Duke University computer scientists have developed a new AI method for accurately predicting the power consumption of any type of computer processor more than a trillion times per second while using very little computational power. The technique, known as APOLLO, has been validated on real-world, high-performance microprocessors and may help improve efficiency and inform the development of new microprocessors.
The approach is described in detail in a paper that was selected as the conference’s best publication at MICRO-54: 54th Annual IEEE/ACM International Symposium on Microarchitecture, one of the top-tier conferences in computer architecture.
“This is an intensively studied problem that has traditionally relied on extra circuitry to address,” said Zhiyao Xie, first author of the paper and a PhD candidate in Yiran Chen’s laboratory at Duke. “However, our approach runs directly on the microprocessor in the background, which opens up a plethora of new possibilities. That, I believe, is why people are so enthusiastic about it.”
This is an intensively studied problem that has traditionally relied on extra circuitry to address. However, our approach runs directly on the microprocessor in the background, which opens up a plethora of new possibilities. That, I believe, is why people are so enthusiastic about it.Zhiyao Xie
Cycles of computation are performed on the order of 3 trillion times per second in modern computer processors. It is critical to keep track of the power consumed by such intensely fast transitions in order to maintain the overall performance and efficiency of the chip. When a processor consumes too much power, it can overheat and damage itself. Power demand fluctuations can cause internal electromagnetic complications, slowing down the entire processor.
Computer engineers can protect their hardware and improve its performance by implementing software that can predict and prevent these undesirable extremes from occurring. However, such schemes come at a cost. Keeping up with modern microprocessors usually necessitates the purchase of valuable extra hardware and computational power.
“APOLLO approaches an ideal power estimation algorithm that is both accurate and fast and that can easily be built into a processing core at a low power cost,” Xie explained. “Because it can be used in any type of processing unit, it has the potential to become a common component in future chip design.”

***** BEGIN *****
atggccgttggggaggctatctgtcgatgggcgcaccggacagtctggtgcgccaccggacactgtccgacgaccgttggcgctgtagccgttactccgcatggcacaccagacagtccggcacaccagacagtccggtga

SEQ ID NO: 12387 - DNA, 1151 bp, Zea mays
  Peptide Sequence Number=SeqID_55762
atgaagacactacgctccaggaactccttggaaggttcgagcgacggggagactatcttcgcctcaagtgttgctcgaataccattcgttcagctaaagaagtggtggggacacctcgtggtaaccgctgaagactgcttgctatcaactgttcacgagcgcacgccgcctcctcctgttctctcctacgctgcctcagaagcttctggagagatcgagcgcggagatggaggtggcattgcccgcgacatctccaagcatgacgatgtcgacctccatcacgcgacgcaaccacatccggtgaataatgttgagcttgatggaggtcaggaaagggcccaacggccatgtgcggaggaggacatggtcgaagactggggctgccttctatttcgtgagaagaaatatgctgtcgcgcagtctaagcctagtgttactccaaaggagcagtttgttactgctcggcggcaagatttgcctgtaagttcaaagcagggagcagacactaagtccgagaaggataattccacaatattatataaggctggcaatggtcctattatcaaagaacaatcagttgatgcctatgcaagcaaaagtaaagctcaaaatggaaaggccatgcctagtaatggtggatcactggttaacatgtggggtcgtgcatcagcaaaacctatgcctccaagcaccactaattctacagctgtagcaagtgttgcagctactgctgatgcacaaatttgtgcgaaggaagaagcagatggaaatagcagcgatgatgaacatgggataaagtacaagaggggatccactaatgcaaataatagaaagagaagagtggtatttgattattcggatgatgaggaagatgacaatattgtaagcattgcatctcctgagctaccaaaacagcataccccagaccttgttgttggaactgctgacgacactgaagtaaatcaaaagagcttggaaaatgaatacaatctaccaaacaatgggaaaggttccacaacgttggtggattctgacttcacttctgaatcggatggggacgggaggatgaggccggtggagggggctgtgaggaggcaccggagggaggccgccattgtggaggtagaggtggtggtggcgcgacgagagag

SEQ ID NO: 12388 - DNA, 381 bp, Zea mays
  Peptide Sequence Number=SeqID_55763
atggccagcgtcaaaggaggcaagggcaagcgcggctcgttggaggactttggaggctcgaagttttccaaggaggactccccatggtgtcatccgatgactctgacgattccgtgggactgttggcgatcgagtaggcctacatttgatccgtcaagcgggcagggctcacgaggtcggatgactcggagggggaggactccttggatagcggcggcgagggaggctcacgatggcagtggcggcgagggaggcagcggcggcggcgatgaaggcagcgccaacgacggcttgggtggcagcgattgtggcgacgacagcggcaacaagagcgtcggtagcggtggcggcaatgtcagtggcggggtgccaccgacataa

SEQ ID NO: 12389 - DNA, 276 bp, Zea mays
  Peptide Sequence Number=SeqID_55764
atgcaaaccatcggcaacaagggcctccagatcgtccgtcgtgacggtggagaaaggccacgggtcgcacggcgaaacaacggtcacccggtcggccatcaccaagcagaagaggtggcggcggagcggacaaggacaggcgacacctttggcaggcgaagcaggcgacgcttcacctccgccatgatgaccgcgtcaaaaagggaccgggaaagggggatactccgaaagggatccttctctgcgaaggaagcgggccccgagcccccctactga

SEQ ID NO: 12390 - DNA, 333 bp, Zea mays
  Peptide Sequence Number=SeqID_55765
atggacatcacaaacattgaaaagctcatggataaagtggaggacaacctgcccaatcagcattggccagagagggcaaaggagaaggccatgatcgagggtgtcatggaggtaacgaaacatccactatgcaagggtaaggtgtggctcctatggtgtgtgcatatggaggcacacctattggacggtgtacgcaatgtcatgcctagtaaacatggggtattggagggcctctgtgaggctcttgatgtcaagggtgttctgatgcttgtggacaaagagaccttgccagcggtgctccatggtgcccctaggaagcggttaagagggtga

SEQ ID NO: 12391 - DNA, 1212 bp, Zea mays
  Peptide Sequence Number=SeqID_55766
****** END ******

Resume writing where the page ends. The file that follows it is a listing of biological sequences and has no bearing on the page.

The key to APOLLO’s power is artificial intelligence. The algorithm developed by Xie and Chen employs artificial intelligence to identify and select only 100 of a processor’s millions of signals that are most closely related to its power consumption. It then creates a power consumption model based on those 100 signals and monitors it in real-time to predict the overall chip’s performance.
Because this learning process is data-driven and autonomous, it can be implemented on almost any computer processor architecture, including those yet to be invented. And, while it does not require any human designer expertise to perform its function, the algorithm may be able to assist human designers in performing theirs.
“You can look at the algorithm and see what they are after the AI selects its 100 signals,” Xie said. “Many of the choices are intuitive, but even if they aren’t, they can provide feedback to designers by informing them which processes are most strongly correlated with power consumption and performance.”
The work is part of a collaboration with Arm Research, a computer engineering research organization that aims to analyze industry disruptions and develop advanced solutions many years before they are deployed. APOLLO has already been validated on some of today’s most powerful processors with the assistance of Arm Research. However, the researchers believe that the algorithm still requires extensive testing and evaluation on a variety of platforms before it can be used by commercial computer manufacturers.
“Arm Research collaborates with and receives funding from some of the industry’s biggest names, such as Intel and IBM, and predicting power consumption is one of their top priorities,” Chen added. “Projects like this give our students the opportunity to work with these industry leaders, and it’s the kind of work that makes them want to keep working with and hiring Duke graduates.”